CAPTCHA is an acronym which stands for "Completely Automated Public Turing test to tell Computers and Humans Apart". The way that it does this is to display an image that has some characters displayed in it which you are required to enter into a form field. As the image is styled to make it difficult for computers to read what those characters are the computer cannot fill out the field hence spam spiders are unable to fill in the field correctly. Unfortunately, this can also have the effect of making it impossible for some people to tell what value to fill in as well. Some CAPTCHA scripts attempt to resolve this problem by providing an audio file equivalent to the CAPTCHA image. Computers can't convert the audio file contents into the value to enter into the form field and so the audio file also serves to tell computers and people apart.

So now that we know what a CAPTCHA is let's look at how we can create a simple one. Let's look at creating a simple imager CAPTCHA and we'll leave adding an audio file equivalent for a later tutorial.

Let's create a really simple CAPTCHA script that we can add to our form. Here's some really basic code that will generate a CAPTCHA image from PHP.

$md5 = md5(microtime() * mktime());
$string = substr($md5,0,5);
$captcha = imagecreatefrompng("captcha.png");
$black = imagecolorallocate($captcha, 0, 0, 63);
$line = imagecolorallocate($captcha,63,63,63);
imagestring($captcha, 5, 10, 5, $string, $black);
$_SESSION['nspam'] = $string;
header("Content-type: image/png");

This script starts by creating a session. We need a session so that the value displayed in the CAPTCHA image can be passed to the script that will process the form in a session field. The session field can then be compared to what was entered in the form field. If we don't establish a session then the script processing the form has no way to tell what value was displayed in the image.

The second line of our script generates a random string of hexadecimal characters using the current time (in milliseconds) and MD5 encryption. This gives us a string consisting of numbers and the letters A through F which will be suitable for our purposes. The third line simply grabs the first five characters of this result as that ought to be sufficient for us to have our visitors enter into the form.

The fourth line reads in an existing image using the imagecreatefrompng() function which we will use as the background for the CAPTCHA image that we are creating. For this you need an image that has some variety in colours that will help to make it difficult for OCR software to read the text that will be added into the image while still providing sufficient contrast to allow people to read it.

The next two lines using the imagecolorallocate() function define two colours that we are going to use when we add our content in front of the background in order to create our final image.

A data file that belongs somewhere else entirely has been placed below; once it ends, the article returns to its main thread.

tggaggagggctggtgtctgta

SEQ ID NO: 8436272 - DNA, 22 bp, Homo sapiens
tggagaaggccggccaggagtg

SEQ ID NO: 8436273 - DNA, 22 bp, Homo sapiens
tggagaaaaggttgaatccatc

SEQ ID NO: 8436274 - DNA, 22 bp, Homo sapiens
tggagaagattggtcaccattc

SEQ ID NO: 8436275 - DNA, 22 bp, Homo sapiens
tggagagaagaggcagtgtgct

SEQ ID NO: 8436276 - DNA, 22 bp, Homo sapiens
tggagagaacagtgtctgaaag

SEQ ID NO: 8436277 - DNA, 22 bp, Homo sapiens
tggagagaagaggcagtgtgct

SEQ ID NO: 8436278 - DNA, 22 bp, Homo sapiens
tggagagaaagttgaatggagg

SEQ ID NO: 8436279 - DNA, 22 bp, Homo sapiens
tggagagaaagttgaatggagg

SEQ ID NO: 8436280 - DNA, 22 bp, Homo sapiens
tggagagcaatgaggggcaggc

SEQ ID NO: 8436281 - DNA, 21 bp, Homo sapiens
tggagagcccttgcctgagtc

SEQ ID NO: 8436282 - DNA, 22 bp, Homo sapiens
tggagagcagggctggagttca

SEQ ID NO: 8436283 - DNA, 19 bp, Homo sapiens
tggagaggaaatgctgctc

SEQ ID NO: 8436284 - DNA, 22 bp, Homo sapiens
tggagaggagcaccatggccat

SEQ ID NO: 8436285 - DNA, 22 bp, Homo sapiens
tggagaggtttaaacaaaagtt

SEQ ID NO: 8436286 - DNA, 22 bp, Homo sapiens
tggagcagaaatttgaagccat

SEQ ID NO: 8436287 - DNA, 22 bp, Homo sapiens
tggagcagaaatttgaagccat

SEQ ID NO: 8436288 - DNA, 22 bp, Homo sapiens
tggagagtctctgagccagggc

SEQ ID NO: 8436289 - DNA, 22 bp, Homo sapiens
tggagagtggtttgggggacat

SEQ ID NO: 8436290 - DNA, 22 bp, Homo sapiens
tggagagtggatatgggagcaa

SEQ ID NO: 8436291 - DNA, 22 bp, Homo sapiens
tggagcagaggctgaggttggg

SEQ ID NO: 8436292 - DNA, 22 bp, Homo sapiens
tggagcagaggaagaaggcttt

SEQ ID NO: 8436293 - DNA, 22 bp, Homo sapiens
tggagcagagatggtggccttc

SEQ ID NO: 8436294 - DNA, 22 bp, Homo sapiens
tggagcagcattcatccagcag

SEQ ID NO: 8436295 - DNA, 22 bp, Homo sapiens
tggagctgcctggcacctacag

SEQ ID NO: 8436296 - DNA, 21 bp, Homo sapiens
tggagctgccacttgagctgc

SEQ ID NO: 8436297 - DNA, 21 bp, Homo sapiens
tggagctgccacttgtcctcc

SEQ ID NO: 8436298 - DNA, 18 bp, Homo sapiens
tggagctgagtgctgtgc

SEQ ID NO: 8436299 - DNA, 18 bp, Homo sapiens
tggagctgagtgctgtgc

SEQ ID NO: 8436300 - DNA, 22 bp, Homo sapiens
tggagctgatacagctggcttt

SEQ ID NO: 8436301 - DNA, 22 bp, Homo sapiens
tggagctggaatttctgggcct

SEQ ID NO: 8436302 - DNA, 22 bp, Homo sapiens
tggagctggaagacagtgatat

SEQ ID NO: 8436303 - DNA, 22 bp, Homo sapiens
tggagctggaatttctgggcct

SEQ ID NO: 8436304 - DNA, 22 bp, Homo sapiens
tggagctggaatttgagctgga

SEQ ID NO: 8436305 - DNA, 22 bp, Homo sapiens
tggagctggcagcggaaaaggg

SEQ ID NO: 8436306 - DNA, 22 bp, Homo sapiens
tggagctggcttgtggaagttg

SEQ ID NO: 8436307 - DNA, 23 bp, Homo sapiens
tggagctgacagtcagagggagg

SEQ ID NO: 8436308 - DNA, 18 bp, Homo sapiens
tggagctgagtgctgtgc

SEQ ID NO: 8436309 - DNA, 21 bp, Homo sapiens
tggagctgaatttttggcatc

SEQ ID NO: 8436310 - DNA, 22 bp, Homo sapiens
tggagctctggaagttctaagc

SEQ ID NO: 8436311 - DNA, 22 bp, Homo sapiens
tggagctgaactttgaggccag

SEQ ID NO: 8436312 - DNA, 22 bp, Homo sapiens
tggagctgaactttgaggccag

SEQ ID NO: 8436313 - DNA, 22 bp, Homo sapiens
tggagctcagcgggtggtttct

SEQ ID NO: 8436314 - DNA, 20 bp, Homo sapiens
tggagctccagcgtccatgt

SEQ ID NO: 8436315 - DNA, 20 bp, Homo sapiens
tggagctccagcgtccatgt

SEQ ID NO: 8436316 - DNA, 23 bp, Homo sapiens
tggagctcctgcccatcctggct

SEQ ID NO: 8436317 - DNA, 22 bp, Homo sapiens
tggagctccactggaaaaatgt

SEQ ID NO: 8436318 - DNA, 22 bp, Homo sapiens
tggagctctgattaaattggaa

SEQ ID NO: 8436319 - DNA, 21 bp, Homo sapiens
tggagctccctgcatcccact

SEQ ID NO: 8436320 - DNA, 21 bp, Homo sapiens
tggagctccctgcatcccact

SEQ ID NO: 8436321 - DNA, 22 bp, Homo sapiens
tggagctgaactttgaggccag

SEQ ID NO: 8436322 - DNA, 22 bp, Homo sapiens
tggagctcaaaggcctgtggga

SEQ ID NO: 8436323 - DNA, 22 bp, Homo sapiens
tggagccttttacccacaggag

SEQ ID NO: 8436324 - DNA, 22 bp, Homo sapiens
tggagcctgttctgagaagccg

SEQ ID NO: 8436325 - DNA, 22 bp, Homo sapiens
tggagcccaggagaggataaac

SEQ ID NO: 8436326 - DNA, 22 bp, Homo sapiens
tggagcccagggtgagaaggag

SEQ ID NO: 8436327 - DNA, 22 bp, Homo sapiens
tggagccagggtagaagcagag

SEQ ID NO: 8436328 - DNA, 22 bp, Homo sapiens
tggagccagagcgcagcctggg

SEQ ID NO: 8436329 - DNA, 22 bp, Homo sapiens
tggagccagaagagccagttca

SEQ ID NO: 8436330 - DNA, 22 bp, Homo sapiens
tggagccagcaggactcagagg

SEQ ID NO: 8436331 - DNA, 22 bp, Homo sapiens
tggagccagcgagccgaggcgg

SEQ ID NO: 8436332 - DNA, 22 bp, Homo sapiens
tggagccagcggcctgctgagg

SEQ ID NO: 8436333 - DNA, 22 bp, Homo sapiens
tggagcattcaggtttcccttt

Just to make things a little more difficult for the computers, the next three lines of code use the imageline() function to draw three lines across the background using a colour similar to what we will use for the characters we are about to display.

The imagestring() function on the next line adds our five randomly selected characters into the image in front of the background image and the three lines previously added. This gives us the final image that we will display.

Next we set up a session variable containing the same value that we just added to the image. This session variable gets passed to subsequent pages and will allow the script processing the form to tell if the correct value was entered.

The final two lines of our script set the header to identify this as a PNG image and writes the final content of our image out into the page where we called it from.

Now that we have our CAPTCHA script we need to set up an image tag in our page to display the image and a form field for our visitors to enter the value from the image into the form. The code for these two fields might look like this (if we saved the above PHP script as testimg.php):

<img src="testimg.php" width="60" height="25" alt="" />
<input type="text" name="aspam" value=" " size="10" maxlength="10" />

The final step in the processing is to include a session_start call at the top of the script processing the form and to add a test into that script to compare the value passed in the session to that posted from the form. Using the names that we have given those fields in the above code we would compare $_SESSION['nspam'] with $_POST['aspam'] and if they are not equal then the wrong value was entered into the form field and we can abort the processing of the form.

Wondering what a CAPTCHA image looks like that is generated using the above code? Well here is an example: and the background image into which we are inserting the CAPTCHA text looks like this: . You may copy this background image and the above code to use as the starting point for creating your own CAPTCHA image if you wish to do so.

One thing to note with using a script like this is that if your visitor uses their back button to return to the web page that a new value for the CAPTCHA may be generated without the image being displayed being updated to display the new value.

Here are a few sites offering more advanced CAPTCHA scripts for if you do not wish to write your own?


This article written by Stephen Chapman, Felgall Pty Ltd.

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